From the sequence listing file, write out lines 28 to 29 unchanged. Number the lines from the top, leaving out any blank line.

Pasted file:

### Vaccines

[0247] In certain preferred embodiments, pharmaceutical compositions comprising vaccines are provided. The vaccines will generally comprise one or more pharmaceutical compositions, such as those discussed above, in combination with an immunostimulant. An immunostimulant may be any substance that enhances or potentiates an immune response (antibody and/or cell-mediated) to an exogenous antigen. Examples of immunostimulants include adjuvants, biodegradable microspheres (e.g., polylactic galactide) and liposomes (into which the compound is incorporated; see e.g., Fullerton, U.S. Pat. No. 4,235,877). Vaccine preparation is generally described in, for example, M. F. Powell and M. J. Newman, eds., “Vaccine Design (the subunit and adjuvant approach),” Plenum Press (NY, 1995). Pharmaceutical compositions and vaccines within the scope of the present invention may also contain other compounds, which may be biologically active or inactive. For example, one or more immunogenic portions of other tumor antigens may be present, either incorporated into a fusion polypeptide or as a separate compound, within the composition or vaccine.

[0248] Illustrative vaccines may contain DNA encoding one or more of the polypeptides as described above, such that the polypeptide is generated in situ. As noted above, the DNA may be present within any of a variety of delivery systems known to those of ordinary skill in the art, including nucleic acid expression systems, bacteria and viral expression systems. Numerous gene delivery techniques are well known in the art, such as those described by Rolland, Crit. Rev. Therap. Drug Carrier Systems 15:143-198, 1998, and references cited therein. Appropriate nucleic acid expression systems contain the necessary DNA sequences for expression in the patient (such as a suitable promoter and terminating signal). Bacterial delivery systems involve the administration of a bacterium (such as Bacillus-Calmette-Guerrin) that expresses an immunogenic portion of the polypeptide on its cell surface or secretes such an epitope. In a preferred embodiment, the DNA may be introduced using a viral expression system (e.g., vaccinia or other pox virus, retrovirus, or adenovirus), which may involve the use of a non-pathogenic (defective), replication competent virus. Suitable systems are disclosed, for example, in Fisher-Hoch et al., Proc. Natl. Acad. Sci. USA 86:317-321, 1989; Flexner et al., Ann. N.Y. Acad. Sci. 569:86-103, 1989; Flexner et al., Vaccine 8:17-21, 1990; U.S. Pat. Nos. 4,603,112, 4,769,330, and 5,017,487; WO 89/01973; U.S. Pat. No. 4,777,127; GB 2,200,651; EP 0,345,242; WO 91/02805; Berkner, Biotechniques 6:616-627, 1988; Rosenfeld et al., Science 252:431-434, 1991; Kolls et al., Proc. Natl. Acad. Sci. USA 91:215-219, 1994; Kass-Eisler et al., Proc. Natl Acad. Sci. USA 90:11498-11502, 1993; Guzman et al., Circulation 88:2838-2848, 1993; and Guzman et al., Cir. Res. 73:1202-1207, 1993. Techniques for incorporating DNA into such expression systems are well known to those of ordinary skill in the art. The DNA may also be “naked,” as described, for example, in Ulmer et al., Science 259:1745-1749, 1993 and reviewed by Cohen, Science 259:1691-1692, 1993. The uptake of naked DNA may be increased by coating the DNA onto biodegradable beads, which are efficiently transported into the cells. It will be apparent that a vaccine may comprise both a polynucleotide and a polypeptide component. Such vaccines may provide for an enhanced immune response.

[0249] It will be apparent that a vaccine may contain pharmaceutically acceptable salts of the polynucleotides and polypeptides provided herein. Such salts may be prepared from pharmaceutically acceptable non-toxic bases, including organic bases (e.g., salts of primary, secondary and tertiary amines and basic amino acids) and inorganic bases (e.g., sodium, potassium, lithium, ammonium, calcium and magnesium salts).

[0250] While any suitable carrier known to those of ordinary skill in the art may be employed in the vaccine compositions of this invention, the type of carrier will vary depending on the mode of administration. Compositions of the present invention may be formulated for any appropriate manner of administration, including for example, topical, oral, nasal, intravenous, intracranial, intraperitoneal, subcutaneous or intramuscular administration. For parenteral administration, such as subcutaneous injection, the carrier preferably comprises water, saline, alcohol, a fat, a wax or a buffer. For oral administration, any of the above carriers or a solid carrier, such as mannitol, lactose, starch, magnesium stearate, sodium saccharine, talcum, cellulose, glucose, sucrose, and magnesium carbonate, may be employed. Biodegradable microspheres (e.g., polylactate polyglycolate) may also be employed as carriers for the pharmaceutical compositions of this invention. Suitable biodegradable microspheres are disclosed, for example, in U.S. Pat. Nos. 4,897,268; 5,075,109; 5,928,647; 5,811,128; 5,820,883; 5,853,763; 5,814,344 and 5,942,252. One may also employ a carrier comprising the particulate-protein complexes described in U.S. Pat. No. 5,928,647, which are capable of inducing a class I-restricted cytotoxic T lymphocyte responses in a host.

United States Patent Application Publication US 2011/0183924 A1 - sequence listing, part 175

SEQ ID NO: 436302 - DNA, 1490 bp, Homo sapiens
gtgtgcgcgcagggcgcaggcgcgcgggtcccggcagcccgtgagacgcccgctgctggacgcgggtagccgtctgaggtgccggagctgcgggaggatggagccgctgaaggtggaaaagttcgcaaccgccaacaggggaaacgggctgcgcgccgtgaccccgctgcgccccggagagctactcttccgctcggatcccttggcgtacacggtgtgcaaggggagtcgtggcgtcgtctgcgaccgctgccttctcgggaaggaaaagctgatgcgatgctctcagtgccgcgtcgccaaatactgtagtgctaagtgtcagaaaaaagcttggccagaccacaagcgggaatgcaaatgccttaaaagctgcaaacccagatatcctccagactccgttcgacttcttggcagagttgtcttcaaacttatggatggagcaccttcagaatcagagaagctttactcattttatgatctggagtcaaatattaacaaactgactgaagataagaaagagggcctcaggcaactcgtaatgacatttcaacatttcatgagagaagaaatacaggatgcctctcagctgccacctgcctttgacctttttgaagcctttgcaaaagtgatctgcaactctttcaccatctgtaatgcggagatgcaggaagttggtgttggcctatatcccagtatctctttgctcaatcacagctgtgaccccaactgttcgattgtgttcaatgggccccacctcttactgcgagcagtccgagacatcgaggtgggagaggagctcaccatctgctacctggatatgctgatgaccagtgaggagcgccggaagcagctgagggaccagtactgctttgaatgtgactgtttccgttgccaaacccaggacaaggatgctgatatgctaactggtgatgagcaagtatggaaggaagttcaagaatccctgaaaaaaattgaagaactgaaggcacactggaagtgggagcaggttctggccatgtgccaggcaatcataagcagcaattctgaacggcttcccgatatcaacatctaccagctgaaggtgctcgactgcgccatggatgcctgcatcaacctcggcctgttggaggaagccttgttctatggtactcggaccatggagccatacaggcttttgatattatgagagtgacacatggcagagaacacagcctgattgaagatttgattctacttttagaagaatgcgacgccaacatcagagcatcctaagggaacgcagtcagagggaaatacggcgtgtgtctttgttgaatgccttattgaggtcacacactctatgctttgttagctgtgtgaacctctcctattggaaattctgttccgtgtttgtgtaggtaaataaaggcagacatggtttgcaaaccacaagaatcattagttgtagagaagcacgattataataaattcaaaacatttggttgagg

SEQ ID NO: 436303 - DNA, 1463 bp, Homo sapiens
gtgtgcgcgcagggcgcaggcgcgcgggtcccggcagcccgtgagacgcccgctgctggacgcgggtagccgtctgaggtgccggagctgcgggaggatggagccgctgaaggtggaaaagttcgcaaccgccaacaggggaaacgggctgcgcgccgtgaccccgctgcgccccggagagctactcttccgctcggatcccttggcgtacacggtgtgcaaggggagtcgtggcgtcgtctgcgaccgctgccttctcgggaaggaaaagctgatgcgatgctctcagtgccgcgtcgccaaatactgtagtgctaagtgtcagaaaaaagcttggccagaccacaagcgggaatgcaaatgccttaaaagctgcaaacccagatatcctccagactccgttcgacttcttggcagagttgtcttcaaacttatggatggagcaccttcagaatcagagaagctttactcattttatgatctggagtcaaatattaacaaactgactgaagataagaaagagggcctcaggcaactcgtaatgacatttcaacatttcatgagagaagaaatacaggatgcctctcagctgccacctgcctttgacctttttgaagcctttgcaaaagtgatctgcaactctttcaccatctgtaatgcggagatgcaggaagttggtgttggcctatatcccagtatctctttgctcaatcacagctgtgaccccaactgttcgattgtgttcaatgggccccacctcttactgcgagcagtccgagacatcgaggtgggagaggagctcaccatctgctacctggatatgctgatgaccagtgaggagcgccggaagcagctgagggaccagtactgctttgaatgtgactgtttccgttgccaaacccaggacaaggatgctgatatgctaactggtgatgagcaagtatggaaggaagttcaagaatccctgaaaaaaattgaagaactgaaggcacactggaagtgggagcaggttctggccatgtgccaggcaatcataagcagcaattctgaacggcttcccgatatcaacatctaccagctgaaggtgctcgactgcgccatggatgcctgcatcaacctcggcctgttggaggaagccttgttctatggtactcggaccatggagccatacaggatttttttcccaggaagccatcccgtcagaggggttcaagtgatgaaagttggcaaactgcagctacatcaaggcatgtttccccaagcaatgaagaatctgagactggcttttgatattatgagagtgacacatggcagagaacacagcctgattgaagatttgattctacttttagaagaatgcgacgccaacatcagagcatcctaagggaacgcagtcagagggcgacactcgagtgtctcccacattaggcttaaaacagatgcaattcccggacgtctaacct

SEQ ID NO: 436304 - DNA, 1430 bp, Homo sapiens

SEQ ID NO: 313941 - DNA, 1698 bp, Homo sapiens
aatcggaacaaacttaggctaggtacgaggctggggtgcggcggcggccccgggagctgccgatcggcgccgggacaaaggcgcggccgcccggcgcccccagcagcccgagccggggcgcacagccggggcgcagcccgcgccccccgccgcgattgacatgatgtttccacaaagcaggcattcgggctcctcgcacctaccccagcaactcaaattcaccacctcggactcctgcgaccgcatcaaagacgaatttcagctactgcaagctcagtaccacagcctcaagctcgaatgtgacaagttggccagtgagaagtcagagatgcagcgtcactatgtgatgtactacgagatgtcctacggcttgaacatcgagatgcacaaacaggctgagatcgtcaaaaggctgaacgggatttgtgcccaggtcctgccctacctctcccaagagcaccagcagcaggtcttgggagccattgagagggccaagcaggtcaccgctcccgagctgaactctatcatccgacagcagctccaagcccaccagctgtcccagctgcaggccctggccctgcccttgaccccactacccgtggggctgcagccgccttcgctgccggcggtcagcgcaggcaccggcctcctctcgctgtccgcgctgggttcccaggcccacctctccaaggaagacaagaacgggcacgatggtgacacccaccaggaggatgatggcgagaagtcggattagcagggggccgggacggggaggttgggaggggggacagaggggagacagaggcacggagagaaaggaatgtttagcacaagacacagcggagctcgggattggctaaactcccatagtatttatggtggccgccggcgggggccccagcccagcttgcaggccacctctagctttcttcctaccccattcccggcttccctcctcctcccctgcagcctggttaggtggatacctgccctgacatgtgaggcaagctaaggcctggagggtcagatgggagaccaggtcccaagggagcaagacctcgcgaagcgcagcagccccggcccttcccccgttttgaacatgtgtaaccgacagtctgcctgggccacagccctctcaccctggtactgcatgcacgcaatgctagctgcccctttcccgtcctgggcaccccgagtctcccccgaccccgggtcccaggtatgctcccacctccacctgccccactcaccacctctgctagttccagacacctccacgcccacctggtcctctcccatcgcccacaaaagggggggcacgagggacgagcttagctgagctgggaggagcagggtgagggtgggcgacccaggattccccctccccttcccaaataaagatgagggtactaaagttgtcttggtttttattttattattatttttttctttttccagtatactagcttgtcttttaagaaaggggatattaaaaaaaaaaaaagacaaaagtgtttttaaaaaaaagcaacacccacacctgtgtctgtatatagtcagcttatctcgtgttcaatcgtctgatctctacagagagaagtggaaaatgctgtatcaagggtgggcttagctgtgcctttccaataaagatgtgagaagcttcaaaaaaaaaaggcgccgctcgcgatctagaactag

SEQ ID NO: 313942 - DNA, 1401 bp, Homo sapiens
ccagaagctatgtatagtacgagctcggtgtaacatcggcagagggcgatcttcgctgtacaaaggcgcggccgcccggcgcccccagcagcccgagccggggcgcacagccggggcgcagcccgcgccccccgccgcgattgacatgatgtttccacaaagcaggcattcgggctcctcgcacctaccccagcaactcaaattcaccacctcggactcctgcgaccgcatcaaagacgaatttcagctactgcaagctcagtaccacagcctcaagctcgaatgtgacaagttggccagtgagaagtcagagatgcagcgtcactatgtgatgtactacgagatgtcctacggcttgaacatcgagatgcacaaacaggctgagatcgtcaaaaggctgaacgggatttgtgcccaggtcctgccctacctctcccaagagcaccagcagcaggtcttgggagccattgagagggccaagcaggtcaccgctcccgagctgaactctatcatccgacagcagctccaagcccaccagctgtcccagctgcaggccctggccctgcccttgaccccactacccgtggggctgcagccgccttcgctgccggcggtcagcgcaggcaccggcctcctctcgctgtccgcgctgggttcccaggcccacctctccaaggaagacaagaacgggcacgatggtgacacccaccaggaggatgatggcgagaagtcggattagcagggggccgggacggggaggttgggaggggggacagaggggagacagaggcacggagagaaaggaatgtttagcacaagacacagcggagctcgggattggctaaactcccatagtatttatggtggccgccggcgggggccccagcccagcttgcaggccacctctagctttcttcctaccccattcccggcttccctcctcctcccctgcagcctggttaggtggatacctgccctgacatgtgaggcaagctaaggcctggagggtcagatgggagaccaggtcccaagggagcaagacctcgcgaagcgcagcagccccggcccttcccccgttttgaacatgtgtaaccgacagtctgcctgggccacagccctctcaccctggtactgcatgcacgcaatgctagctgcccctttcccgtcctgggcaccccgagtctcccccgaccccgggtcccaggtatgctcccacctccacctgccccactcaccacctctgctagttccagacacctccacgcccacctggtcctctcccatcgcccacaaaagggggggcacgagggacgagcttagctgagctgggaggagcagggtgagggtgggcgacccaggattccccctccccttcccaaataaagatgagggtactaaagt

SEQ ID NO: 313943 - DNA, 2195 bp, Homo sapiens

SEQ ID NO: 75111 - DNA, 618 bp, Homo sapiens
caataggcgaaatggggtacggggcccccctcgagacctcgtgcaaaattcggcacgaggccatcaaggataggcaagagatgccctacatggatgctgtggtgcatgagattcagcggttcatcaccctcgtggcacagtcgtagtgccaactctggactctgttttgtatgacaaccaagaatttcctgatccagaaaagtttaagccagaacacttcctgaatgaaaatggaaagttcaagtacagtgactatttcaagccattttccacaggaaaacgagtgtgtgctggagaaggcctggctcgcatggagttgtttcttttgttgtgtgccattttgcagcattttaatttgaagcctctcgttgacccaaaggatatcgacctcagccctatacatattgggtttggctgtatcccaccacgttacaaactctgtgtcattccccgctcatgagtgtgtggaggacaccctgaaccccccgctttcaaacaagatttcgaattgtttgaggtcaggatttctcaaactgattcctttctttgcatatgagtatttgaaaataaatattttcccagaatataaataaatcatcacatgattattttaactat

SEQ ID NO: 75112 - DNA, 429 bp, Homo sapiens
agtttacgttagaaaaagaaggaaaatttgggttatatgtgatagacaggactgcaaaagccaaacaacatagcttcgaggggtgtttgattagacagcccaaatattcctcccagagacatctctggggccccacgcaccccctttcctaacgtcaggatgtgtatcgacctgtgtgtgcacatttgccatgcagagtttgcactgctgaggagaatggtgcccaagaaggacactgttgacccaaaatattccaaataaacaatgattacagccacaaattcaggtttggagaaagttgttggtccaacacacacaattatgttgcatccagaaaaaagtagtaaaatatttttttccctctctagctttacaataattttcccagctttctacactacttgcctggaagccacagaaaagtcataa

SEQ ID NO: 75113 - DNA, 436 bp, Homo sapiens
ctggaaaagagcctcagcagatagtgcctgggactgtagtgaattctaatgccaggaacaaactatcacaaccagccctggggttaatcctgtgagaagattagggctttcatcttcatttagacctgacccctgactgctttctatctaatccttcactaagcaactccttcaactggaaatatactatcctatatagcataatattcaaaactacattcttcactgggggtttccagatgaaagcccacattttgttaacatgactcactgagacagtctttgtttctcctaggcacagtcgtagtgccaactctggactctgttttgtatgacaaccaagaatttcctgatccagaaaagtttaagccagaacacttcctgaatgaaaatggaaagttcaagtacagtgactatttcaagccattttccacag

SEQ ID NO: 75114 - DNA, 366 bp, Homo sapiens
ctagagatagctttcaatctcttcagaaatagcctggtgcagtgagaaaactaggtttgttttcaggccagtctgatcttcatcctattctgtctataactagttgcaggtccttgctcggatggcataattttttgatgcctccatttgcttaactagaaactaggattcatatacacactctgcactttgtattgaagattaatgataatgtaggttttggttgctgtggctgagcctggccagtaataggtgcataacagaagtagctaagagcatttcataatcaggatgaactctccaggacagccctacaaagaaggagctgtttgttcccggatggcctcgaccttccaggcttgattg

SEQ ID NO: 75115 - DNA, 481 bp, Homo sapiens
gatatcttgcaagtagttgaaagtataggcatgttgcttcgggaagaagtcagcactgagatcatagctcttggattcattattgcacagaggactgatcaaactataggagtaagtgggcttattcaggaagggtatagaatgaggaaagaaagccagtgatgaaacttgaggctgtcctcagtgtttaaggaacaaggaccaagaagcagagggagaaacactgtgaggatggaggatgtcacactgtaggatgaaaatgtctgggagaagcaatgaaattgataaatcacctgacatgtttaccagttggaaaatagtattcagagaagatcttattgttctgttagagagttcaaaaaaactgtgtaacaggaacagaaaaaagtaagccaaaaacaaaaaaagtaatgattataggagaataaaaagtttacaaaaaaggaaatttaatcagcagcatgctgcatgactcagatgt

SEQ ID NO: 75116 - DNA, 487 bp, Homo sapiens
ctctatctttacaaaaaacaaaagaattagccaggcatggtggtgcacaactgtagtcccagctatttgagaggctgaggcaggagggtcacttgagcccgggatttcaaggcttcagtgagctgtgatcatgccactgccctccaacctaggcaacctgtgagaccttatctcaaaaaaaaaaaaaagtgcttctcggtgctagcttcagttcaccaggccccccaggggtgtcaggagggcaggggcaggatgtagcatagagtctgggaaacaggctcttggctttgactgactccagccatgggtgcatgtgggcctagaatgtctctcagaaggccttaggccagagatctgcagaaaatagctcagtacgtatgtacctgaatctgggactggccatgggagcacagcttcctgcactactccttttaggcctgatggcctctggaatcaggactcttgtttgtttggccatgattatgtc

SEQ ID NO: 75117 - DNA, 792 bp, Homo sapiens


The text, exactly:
ctctatctttacaaaaaacaaaagaattagccaggcatggtggtgcacaactgtagtcccagctatttgagaggctgaggcaggagggtcacttgagcccgggatttcaaggcttcagtgagctgtgatcatgccactgccctccaacctaggcaacctgtgagaccttatctcaaaaaaaaaaaaaagtgcttctcggtgctagcttcagttcaccaggccccccaggggtgtcaggagggcaggggcaggatgtagcatagagtctgggaaacaggctcttggctttgactgactccagccatgggtgcatgtgggcctagaatgtctctcagaaggccttaggccagagatctgcagaaaatagctcagtacgtatgtacctgaatctgggactggccatgggagcacagcttcctgcactactccttttaggcctgatggcctctggaatcaggactcttgtttgtttggccatgattatgtc

SEQ ID NO: 75117 - DNA, 792 bp, Homo sapiens